''World War One 332nd Infantry grouping''

Original WWI grouping to a veteran of the 332nd Infantry. Grouping includes bullion patch which has moth damage, Service stripes and three reunion medals. Included is a neat poster-like picture which has been removed from a frame.

The 332nd Infantry Regiment is the only American unit to serve in Italy and has a highly desirable and valuable patch. The 332nd insignia was perhaps the most envied in the entire American Expeditionary Force. It was selected to reflect their unique service in Italy. It consisted of a beautifully bullion embroidered winged Lion of St. Mark with one paw resting on an open Bible with the numbers "332" inscribed.

Bullion patches incorporate metallic thread (gold or silver) for designs or to highlight or outline designs formed by other construction methods. Due to difficulty of manufacture they were usually done overseas in tailors or craft shops.

This patch was found on a returning 332nd Infantry uniform, it has a thin red wool background with some moth damage but all heavy gold bullion embroidered details are intact.

Service and wound chevrons were authorized in 1917 for soldiers in the AEF to display lengths of service and wounds received while overseas. Wound and service chevrons were one in the same, the only way to distinguish between the two was according to wich sleeve they were worn on. The chevrons were a gold material or bullion sewn onto a wool background. The wound chevron was to be sewn roughly four inches above the right cuff. A wound chevron was issued each time a soldier was wounded in combat or found to be victim of a gas attack. The Service chevron indicated six months of overseas service, and worn four inches above the left cuff. The maximum number of service chevrons that a soldier could have acquired while serving in Europe was four. The wound and service chevrons would have been worn point down on the tunic sleeve. A soldier that served less than six months overseas would have been authorized to wear a smaller light blue chevron on the left sleeve. This chevron was to be worn point up. A silver chevron was authorized for six months of home service and was to be worn above the left cuff. A single red chevron was authorized for wear on or above the right sleeve elbow. This was the red discharge chevron issued to all soldiers mustering out of service. The discharge chevron would have been worn point up. Soldiers were authorized to wear their uniforms for a limited number of days following their discharge.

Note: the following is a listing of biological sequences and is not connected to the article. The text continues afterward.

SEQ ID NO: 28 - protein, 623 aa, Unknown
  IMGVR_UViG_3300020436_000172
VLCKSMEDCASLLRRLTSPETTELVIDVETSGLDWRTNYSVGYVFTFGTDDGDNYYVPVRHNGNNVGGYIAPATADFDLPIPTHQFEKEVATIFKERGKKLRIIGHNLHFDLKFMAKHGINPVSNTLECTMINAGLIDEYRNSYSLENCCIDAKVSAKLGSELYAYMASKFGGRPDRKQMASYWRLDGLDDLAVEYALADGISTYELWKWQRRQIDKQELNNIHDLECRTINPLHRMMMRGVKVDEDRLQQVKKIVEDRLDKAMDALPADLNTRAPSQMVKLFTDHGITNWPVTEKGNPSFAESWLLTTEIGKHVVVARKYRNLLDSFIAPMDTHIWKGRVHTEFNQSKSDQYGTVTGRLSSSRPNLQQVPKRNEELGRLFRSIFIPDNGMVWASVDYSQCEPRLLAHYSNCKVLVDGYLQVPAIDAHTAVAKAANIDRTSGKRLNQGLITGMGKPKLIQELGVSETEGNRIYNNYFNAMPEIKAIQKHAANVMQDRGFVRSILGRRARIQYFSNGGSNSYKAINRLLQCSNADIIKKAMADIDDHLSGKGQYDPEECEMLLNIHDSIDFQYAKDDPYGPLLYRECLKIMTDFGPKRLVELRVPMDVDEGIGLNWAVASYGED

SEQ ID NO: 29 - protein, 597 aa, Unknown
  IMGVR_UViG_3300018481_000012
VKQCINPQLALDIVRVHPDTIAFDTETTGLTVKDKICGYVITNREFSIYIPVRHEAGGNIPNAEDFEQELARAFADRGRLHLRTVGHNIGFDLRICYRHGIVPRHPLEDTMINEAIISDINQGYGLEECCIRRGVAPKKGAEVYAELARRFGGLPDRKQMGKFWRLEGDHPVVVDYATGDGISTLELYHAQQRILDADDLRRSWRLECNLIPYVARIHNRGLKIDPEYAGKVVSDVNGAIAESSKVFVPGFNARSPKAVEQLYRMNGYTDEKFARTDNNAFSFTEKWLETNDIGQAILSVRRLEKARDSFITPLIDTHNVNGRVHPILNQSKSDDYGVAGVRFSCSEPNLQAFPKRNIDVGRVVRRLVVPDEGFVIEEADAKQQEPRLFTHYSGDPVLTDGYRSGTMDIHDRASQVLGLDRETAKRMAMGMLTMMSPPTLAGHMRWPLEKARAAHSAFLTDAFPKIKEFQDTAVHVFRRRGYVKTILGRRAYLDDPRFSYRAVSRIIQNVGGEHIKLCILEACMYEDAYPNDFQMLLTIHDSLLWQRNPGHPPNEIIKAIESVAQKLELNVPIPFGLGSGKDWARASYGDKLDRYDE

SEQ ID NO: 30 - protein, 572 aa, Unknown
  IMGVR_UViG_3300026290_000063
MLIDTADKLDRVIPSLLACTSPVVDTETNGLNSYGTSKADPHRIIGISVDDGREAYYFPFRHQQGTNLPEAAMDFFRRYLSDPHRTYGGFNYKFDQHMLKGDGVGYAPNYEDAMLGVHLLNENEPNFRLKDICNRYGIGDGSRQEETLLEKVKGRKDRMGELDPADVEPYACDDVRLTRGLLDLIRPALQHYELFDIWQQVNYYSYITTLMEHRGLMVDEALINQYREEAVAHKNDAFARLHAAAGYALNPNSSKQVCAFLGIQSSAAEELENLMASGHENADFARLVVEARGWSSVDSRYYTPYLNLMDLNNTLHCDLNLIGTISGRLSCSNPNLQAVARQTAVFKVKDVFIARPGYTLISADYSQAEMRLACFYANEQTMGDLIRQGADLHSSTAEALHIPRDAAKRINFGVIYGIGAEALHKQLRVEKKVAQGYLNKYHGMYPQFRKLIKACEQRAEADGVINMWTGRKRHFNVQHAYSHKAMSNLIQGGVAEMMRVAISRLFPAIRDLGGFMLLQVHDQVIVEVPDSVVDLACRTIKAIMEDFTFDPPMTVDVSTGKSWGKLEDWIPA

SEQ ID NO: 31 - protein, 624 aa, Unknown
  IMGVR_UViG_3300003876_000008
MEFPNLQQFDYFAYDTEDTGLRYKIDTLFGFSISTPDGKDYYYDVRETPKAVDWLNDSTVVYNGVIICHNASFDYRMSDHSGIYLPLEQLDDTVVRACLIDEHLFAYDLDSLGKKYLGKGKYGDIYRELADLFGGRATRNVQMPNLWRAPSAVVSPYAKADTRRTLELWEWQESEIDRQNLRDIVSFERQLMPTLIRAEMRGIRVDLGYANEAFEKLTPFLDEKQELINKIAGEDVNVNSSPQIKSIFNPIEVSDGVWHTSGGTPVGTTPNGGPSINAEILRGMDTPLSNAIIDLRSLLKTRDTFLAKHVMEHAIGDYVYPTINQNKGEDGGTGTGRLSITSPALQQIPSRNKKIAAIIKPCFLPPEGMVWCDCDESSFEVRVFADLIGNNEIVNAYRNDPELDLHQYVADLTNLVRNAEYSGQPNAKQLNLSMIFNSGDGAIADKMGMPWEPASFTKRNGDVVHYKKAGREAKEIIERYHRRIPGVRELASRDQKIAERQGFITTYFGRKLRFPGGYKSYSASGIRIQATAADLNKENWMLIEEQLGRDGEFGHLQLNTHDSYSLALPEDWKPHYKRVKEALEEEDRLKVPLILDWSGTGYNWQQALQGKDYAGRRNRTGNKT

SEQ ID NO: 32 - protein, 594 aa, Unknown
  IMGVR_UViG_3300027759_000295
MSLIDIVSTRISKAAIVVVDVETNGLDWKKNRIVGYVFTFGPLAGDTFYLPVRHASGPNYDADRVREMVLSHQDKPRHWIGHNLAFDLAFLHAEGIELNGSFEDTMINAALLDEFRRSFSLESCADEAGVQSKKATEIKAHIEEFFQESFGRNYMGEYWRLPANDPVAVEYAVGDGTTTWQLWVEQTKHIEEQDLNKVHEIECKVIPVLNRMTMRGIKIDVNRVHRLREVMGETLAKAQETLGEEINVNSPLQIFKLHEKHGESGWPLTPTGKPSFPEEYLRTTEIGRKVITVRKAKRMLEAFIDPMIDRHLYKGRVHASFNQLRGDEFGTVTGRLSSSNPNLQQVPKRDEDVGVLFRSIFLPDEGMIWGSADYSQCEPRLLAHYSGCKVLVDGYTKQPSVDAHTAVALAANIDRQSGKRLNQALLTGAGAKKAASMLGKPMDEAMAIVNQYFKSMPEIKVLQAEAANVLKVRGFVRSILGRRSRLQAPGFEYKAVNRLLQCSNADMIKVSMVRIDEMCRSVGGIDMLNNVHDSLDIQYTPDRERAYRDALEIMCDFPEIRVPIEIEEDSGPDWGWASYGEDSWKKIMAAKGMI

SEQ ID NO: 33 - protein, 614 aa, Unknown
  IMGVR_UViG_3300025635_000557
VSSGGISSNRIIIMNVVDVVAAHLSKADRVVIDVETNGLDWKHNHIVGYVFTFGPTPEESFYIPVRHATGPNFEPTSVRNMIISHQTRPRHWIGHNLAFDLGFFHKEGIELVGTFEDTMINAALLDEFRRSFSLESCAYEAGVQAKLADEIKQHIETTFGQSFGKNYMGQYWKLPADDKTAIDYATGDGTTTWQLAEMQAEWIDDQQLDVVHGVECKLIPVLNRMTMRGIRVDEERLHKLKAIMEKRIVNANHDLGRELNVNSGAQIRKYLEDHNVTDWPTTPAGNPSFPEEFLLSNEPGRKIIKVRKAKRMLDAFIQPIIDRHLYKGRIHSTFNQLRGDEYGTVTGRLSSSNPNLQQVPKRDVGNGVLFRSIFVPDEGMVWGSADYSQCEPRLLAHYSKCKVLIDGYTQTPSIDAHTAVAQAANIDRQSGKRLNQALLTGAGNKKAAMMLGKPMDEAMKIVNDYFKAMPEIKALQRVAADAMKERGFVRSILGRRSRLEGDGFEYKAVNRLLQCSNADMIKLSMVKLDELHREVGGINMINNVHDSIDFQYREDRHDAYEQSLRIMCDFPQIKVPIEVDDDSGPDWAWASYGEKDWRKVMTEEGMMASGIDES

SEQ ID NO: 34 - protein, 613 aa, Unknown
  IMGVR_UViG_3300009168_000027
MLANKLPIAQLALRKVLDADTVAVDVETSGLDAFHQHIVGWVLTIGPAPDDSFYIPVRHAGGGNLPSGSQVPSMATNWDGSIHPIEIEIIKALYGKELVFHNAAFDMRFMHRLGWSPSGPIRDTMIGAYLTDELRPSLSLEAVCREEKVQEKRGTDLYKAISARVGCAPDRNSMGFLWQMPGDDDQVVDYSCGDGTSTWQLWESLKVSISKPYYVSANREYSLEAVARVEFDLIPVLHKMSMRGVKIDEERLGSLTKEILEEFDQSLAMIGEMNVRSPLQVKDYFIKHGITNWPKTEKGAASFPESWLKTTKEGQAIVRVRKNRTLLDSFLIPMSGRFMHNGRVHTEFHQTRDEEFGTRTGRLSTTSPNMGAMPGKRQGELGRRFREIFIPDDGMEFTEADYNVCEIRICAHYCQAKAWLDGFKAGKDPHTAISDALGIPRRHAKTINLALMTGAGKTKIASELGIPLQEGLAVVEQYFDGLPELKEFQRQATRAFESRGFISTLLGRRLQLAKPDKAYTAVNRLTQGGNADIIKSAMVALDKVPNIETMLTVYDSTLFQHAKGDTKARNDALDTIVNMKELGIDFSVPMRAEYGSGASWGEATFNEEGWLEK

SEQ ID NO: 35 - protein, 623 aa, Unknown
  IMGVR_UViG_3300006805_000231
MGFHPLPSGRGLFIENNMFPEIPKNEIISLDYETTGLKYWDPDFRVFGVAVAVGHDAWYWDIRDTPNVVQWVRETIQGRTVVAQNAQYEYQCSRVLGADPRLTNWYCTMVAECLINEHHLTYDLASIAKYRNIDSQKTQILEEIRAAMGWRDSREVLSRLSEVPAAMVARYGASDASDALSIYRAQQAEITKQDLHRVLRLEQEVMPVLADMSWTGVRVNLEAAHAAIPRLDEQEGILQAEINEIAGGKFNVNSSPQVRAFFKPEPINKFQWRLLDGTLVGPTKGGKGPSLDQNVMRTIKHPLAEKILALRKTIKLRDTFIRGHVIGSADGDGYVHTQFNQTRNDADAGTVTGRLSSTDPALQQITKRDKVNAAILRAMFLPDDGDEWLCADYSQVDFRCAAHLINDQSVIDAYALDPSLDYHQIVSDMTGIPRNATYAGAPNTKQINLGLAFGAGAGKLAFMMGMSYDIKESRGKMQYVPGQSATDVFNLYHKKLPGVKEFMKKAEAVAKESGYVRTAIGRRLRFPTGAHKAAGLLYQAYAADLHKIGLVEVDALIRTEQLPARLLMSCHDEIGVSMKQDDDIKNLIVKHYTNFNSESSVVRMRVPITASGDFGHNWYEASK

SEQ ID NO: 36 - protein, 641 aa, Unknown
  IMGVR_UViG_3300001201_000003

This chevron has a gold color and is made of a metallic ribbon. They could be worn to represent wounds or six months of overseas service.
This chevron has a bronze color and is bullion made. They could be worn to represent wounds or one year of overseas service.
These are most likely custom made for the service men while they were on occupation duty after the Armistice.

A red Honorable Discharge chevron
5th Annual Reunion Cleveland, Ohio

6th Annual Reunion Columbus, Ohio

7th Annual Reunion New Castle, Pa